The Horae were Greek goddesses, daughters of Zeus, the king of the gods, and Themis, one of the original twelve Titans. They governed the seasons and the orderly progression of cyclical time. They also guarded the gates of Olympus and were connected with marriage, childbirth, and child-rearing.
The names and number of the Horae varied across ancient sources. Hesiod knew of three Horae—Dike (“Justice”), Eunomia (“Good Order”), and Eirene (“Peace”)—but other traditions named as few as two or as many as four (or more).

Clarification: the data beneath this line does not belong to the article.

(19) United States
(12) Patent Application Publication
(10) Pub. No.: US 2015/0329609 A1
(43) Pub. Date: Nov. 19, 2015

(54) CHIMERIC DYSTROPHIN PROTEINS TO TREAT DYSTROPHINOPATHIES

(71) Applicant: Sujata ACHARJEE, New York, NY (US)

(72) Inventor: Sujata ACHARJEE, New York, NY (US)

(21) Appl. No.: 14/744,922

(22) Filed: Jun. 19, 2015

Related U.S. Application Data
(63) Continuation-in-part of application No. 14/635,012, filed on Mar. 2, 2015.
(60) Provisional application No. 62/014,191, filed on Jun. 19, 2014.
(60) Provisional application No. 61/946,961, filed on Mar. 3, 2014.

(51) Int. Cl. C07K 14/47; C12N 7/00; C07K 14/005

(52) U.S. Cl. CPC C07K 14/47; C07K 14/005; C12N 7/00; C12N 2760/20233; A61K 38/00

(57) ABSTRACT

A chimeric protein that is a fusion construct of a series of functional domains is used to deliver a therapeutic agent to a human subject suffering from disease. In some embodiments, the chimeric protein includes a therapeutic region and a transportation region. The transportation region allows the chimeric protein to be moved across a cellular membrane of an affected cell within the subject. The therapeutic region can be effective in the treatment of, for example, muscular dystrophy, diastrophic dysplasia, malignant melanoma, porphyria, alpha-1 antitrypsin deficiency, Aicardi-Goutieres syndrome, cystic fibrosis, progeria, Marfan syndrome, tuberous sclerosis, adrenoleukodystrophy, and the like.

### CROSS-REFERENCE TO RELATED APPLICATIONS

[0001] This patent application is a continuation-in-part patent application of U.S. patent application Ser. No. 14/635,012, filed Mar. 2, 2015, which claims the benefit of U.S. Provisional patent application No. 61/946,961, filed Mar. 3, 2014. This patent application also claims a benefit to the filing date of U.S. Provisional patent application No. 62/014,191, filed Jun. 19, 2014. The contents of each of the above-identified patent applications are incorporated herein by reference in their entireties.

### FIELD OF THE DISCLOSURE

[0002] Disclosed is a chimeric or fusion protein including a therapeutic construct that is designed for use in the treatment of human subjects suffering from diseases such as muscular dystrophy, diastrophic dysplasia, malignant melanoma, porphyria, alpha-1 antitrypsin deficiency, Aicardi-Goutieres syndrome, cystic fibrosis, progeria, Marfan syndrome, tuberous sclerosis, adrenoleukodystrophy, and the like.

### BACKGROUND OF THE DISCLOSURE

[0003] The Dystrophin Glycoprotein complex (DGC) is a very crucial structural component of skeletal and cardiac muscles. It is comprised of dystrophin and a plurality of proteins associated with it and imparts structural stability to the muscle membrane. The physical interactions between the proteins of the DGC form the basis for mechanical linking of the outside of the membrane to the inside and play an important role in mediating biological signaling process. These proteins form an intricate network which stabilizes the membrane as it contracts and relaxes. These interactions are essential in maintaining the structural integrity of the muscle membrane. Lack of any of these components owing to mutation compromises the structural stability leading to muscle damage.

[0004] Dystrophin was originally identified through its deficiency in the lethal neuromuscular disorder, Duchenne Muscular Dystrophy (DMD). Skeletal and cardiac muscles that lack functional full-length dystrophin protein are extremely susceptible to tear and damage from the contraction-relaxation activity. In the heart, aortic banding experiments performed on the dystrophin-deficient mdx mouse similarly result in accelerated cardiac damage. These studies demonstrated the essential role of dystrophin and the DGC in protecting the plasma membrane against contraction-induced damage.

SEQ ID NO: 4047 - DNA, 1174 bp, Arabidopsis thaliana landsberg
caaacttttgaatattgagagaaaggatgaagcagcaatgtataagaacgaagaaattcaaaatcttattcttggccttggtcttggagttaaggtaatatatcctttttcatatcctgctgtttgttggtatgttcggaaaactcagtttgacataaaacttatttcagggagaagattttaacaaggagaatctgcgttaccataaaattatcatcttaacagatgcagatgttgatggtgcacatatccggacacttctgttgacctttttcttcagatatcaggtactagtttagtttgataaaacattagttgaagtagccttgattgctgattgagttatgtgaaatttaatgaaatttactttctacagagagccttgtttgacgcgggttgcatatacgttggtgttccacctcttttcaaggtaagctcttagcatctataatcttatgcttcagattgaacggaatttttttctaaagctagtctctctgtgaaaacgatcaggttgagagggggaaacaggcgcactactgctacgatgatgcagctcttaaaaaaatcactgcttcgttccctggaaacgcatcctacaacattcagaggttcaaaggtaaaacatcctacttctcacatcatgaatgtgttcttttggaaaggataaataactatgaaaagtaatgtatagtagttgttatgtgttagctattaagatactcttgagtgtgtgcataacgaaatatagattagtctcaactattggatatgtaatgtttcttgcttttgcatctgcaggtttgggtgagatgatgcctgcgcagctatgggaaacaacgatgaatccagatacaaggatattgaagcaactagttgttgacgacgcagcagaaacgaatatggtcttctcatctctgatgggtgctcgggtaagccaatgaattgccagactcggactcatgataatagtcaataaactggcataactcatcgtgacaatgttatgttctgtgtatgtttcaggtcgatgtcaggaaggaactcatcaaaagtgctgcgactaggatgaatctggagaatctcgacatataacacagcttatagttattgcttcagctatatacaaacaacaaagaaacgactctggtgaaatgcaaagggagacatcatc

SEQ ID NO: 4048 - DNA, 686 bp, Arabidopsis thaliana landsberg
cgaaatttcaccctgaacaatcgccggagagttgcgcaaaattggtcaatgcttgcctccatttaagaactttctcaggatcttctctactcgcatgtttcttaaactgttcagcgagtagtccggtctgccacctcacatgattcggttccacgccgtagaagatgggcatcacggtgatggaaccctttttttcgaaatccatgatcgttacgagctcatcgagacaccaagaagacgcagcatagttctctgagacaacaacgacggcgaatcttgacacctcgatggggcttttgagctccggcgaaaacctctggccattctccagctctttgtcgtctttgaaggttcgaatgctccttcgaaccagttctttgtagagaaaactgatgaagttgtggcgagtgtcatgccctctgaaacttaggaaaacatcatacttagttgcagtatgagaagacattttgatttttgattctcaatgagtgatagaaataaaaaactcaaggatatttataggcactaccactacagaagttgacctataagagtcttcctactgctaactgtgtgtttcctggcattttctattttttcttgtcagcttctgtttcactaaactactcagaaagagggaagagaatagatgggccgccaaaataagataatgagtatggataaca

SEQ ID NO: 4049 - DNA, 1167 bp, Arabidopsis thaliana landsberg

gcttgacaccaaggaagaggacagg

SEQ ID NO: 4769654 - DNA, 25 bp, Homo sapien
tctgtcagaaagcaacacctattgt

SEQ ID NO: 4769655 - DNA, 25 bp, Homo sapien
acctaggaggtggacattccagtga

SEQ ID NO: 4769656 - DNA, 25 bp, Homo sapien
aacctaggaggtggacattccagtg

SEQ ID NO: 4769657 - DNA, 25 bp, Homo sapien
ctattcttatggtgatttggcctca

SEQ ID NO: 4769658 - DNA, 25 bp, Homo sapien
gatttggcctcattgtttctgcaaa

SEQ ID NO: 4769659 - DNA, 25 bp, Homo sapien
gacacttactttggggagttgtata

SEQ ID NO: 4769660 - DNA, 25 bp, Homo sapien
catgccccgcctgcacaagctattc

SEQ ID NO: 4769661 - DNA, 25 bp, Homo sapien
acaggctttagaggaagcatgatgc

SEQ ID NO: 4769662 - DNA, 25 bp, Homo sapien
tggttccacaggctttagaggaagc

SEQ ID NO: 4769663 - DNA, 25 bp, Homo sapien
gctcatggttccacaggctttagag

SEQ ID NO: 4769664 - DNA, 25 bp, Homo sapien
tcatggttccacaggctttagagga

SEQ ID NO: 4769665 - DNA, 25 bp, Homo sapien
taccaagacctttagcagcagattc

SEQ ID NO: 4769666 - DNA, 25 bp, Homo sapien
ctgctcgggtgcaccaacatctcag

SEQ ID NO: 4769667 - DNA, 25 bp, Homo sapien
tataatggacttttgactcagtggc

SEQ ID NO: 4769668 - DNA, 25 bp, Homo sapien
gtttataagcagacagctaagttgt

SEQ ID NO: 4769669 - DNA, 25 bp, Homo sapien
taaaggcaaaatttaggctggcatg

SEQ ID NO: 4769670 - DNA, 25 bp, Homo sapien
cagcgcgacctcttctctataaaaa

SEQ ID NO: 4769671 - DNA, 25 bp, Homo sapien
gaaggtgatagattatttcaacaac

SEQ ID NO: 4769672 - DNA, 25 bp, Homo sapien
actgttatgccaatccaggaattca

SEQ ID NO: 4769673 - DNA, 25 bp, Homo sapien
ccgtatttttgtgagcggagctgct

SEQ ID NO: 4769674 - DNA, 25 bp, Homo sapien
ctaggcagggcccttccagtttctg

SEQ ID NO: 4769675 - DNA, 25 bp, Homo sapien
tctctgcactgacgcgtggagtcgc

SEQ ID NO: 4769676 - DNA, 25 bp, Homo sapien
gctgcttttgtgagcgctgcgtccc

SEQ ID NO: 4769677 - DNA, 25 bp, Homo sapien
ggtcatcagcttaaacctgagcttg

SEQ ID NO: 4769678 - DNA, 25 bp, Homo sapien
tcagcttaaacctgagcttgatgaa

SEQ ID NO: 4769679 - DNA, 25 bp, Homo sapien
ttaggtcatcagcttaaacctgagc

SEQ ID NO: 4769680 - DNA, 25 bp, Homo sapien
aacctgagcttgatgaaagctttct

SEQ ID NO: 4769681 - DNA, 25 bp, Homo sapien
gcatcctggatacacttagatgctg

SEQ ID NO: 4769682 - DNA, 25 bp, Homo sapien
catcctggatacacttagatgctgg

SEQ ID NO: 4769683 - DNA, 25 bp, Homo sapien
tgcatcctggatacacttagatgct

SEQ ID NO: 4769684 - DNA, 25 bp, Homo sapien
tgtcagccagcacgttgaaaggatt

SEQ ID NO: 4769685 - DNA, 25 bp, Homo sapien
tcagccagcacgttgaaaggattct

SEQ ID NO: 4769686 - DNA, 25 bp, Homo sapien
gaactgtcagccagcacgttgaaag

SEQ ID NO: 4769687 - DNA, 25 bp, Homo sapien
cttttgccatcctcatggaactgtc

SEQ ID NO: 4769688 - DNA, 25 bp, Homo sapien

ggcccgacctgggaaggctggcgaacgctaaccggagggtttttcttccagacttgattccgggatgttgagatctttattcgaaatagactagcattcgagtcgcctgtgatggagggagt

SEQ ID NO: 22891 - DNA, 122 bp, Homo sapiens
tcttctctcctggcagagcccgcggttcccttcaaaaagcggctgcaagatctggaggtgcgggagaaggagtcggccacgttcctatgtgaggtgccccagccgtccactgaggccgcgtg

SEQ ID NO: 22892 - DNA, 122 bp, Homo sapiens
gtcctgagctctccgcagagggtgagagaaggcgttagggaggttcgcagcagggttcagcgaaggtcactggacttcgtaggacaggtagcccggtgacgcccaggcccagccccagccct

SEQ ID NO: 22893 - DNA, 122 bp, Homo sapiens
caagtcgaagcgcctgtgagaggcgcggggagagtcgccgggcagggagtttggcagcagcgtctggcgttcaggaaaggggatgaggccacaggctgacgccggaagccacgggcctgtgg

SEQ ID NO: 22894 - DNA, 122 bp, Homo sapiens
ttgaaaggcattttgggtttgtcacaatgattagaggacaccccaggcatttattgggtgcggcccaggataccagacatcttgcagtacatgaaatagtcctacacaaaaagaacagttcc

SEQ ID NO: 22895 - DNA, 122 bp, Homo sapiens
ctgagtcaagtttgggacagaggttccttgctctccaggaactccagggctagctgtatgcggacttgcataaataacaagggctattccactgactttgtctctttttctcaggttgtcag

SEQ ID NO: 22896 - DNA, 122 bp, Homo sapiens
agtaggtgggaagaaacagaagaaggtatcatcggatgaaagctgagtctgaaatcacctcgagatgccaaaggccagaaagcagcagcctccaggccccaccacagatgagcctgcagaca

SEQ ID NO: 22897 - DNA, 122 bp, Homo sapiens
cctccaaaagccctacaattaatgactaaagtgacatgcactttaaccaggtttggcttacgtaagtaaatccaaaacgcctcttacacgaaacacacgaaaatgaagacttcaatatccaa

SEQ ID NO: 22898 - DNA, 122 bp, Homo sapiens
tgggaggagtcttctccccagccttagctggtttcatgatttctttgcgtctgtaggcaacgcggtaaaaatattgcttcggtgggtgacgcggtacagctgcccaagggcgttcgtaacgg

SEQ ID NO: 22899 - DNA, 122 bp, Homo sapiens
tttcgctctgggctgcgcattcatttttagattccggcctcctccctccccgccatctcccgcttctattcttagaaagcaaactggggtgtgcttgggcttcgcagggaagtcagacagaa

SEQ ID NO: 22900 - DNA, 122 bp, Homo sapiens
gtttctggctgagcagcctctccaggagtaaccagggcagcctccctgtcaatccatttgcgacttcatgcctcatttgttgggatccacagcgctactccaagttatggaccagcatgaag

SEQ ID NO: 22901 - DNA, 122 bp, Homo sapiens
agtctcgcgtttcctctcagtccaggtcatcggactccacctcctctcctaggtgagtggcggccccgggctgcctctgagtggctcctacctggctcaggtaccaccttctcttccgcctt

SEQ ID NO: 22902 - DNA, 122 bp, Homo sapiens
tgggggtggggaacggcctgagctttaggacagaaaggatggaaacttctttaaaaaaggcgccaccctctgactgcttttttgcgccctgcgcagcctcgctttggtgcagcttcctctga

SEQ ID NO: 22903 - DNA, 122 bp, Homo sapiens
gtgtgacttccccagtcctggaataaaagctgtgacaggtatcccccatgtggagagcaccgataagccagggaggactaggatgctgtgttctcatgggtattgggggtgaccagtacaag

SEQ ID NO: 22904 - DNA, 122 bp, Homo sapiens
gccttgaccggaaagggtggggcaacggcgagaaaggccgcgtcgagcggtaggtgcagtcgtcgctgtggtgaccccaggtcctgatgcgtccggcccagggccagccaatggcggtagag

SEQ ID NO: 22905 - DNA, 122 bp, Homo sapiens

The Horae were chiefly thought to preside over joyful and festive events. In ancient art, they closely resembled other youthful female divinities, such as the Charites and nymphs. The Horae were worshipped in Attica as well as a few other parts of the Greek world, usually in connection with other gods.